Crickley Hill: A special place for wildlife

Crickley Hill and Barrow Wake

A special place for wildlife

Belted Galloways at Crickley Hill

(C) Rob Lacey

More than 1,300 species have been recorded at Crickley Hill, from rare birds, butterflies and wild flowers to reptiles and toadstools.

We are proud that Crickley Hill has gained national recognition for its wildlife, and has the status as a Site of Special Scientific Interest (SSSI) for its rich diversity of wild flowers.

Ensuring that wildlife thrives here takes careful management and it costs Gloucestershire Wildlife Trust £5,000 each week to run Crickley Hill.

Pete Bradshaw

Wild flowers

Of note are yellow worts, carline thistles (an unusual plant that sparkles silver and gold in the sunshine), autumn gentians, clustered bellflowers, viper's-bugloss (this looks beautiful with its dark blue flowers but beware of its spiky, hairy stems).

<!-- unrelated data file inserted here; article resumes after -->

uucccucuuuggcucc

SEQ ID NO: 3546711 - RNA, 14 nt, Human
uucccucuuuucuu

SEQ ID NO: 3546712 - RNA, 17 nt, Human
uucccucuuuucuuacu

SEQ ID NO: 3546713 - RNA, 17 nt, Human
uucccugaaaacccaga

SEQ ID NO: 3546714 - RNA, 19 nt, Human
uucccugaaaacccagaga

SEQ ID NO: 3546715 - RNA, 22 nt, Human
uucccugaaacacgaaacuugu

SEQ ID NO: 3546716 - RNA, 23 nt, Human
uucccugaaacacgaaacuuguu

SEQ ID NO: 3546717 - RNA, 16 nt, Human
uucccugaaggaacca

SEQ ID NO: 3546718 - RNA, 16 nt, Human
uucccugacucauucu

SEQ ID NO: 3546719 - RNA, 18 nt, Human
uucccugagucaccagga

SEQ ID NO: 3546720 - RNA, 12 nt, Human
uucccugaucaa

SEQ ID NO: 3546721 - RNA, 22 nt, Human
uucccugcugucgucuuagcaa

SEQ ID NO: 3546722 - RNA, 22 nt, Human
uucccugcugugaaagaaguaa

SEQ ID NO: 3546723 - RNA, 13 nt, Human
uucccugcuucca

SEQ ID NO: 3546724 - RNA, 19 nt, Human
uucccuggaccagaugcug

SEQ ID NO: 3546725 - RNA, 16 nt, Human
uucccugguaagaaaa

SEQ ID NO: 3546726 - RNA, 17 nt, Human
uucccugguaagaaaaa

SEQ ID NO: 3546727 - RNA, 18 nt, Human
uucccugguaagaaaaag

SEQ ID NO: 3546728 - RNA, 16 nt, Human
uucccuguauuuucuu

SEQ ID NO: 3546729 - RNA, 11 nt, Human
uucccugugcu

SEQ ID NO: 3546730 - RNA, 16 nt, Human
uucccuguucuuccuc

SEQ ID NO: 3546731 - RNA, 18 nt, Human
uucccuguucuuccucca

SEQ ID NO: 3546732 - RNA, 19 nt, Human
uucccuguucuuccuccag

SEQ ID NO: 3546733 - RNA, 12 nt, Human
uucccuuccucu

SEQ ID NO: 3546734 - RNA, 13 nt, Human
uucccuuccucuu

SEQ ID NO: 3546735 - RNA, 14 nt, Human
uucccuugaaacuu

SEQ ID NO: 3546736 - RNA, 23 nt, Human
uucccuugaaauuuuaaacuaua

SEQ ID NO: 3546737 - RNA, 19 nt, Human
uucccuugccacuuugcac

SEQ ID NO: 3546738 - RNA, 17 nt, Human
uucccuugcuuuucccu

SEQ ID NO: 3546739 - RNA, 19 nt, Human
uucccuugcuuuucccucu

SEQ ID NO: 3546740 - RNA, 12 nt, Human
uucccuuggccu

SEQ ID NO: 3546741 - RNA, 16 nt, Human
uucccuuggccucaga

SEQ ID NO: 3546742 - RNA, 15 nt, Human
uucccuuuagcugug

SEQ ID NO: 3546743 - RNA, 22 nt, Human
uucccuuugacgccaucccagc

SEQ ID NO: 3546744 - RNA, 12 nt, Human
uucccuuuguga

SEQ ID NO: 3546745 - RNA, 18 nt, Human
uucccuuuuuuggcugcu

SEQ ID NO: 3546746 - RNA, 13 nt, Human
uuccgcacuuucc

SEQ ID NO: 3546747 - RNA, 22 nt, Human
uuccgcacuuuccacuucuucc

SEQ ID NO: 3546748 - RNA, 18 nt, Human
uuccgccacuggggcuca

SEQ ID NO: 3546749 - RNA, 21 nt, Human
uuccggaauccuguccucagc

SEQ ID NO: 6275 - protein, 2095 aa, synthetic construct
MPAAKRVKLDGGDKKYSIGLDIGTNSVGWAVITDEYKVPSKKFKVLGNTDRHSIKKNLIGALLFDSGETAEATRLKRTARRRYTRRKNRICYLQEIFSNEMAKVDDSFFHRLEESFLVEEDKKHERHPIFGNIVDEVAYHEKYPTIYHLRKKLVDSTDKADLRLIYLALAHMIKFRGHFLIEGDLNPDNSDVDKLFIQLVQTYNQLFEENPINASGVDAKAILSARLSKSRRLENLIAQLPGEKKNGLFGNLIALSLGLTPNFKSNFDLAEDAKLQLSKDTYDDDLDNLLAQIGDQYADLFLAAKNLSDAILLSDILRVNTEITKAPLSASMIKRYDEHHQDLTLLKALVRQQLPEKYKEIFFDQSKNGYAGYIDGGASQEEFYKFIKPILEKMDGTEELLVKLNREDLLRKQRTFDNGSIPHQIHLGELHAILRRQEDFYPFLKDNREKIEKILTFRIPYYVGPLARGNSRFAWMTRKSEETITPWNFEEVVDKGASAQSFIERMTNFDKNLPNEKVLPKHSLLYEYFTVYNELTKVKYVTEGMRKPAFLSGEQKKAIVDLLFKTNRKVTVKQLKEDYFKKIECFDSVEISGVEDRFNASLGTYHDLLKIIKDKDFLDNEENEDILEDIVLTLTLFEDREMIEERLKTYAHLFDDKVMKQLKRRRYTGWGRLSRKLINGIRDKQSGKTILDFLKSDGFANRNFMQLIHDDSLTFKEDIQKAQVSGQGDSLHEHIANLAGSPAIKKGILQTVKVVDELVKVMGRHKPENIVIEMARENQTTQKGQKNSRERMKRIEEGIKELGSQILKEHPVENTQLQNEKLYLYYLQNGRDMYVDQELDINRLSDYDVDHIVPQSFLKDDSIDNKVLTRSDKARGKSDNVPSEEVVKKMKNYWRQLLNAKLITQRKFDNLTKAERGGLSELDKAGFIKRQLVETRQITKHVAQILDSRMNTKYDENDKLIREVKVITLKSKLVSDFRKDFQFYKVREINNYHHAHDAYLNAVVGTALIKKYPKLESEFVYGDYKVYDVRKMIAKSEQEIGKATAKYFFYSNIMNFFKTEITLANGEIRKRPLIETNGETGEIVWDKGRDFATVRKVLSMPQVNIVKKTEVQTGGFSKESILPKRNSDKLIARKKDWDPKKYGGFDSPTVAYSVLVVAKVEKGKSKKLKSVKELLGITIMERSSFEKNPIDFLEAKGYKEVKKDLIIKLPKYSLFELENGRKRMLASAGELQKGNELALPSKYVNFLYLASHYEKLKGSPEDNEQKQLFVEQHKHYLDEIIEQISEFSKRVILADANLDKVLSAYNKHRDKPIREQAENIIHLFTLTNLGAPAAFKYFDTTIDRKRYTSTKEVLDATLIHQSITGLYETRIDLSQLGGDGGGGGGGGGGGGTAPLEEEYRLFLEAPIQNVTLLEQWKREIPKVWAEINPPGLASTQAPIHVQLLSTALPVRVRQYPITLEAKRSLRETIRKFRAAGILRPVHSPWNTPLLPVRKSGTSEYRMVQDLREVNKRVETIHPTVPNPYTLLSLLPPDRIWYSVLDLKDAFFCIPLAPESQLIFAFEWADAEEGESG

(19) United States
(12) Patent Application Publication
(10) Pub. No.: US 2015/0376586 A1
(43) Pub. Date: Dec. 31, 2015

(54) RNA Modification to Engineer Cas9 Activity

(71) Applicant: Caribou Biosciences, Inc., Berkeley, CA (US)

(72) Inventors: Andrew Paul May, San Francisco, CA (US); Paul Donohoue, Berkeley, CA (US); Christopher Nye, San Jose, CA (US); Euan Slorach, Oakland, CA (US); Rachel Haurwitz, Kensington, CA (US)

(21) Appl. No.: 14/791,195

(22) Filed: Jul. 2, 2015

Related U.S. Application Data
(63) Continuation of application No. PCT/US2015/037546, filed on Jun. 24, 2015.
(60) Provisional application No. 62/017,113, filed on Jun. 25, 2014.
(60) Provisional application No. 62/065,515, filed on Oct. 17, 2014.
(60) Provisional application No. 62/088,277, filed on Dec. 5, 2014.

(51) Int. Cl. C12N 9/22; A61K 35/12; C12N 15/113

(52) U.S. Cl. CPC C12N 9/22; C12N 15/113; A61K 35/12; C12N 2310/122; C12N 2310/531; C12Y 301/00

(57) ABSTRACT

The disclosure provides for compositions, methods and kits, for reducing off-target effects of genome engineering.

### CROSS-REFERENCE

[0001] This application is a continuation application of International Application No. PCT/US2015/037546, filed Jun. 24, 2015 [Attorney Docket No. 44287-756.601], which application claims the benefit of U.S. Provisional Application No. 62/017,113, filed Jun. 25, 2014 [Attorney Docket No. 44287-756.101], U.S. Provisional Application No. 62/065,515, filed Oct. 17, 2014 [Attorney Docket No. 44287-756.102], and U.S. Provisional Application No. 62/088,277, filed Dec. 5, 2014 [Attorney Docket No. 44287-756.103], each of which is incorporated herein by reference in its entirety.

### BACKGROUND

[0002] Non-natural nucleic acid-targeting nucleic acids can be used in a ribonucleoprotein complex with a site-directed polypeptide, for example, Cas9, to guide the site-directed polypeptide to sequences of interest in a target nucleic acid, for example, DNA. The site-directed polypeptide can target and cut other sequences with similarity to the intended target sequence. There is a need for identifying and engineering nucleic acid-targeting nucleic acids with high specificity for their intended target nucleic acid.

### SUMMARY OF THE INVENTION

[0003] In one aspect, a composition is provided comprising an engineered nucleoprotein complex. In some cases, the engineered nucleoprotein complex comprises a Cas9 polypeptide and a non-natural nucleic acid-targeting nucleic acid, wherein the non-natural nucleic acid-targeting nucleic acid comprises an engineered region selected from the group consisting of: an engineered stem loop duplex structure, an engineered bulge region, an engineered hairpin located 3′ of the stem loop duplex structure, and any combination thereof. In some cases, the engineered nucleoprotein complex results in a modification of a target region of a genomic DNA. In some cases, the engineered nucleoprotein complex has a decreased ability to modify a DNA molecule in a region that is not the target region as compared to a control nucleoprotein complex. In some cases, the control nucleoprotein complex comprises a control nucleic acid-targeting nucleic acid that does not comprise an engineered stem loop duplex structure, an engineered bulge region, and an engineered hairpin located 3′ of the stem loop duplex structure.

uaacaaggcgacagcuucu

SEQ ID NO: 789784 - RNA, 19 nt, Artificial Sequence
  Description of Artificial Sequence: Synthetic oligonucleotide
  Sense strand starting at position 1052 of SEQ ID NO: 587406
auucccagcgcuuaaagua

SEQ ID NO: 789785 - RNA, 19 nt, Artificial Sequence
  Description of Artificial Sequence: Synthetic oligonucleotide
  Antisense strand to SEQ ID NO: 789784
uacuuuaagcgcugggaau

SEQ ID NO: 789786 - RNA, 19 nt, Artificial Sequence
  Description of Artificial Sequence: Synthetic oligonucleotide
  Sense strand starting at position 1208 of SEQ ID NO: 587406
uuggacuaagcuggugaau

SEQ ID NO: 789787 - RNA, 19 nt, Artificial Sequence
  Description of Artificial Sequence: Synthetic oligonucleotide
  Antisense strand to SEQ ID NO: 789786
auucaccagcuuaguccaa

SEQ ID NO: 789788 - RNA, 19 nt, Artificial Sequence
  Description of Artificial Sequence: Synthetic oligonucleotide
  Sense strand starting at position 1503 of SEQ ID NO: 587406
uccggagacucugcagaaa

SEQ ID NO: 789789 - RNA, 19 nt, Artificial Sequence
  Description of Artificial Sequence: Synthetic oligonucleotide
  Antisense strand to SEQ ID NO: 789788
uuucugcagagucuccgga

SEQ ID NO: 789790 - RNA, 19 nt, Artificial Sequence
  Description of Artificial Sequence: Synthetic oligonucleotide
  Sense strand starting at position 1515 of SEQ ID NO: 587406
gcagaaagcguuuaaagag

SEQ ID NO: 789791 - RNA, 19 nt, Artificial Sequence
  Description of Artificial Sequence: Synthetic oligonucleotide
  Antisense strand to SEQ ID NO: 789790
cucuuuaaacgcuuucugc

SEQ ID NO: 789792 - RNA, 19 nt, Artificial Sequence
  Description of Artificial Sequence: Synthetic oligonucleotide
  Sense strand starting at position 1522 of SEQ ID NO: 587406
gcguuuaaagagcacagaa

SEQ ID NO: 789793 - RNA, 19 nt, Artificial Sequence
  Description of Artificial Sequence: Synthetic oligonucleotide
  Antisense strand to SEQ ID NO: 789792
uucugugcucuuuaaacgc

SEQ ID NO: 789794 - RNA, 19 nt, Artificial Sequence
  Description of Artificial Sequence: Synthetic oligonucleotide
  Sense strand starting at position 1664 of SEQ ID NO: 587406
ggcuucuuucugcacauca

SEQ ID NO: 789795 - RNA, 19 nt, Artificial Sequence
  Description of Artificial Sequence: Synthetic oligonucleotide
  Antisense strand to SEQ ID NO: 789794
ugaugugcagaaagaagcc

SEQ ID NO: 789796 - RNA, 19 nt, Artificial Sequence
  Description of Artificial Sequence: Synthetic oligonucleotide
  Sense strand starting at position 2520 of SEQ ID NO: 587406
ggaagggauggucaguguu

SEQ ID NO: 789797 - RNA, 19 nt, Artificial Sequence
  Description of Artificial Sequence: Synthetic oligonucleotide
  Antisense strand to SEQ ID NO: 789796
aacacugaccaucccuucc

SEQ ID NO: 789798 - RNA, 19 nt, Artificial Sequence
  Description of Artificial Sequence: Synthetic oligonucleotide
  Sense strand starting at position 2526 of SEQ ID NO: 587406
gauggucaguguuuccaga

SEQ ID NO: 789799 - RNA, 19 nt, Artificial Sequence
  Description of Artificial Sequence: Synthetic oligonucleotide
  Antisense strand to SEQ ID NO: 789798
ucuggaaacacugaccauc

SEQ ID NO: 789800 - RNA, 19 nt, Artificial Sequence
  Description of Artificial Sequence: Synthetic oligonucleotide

The orchids here include musk orchids and bee orchids (pictured above), as well as common spotted orchids (the most common of all UK orchids, with flowers ranging from white and pale pink through to purple, and the green leaves covered in purplish spots).

Bob Axw


There are over 30 different species of butterflies recorded at Crickley Hill. In the spring and summer, look out for large skipper butterflies (pictured right), and the beautiful chalk hill blue butterfly which feeds on knapweed and scabious and whose caterpillars need red ants to survive.

Terry Longley


Among the birds seen and heard here are red kites, buzzards, kestrels, cuckoos, chiffchaffs, green woodpeckers and great spotted woodpeckers (listen as they drum at the trees to find insects and larvae).

Mike Taylor

Vital woodland

There are huge oak trees, some hundreds of years old, the remains of an ancient forest recorded in the Domesday Book, nearly a thousand years ago. In the woods in the autumn you may see chicken of the woods (pictured right) – this isn’t a rare bird, but a bright yellow common fungus. 


Some help from the cattle

Black and white Belted Galloway cattle (pictured left) graze the meadows. They help to keep the land in perfect condition for the birds and butterflies, flowers and fungi, and the insects and reptiles at Crickley Hill, in a process known as conservation grazing.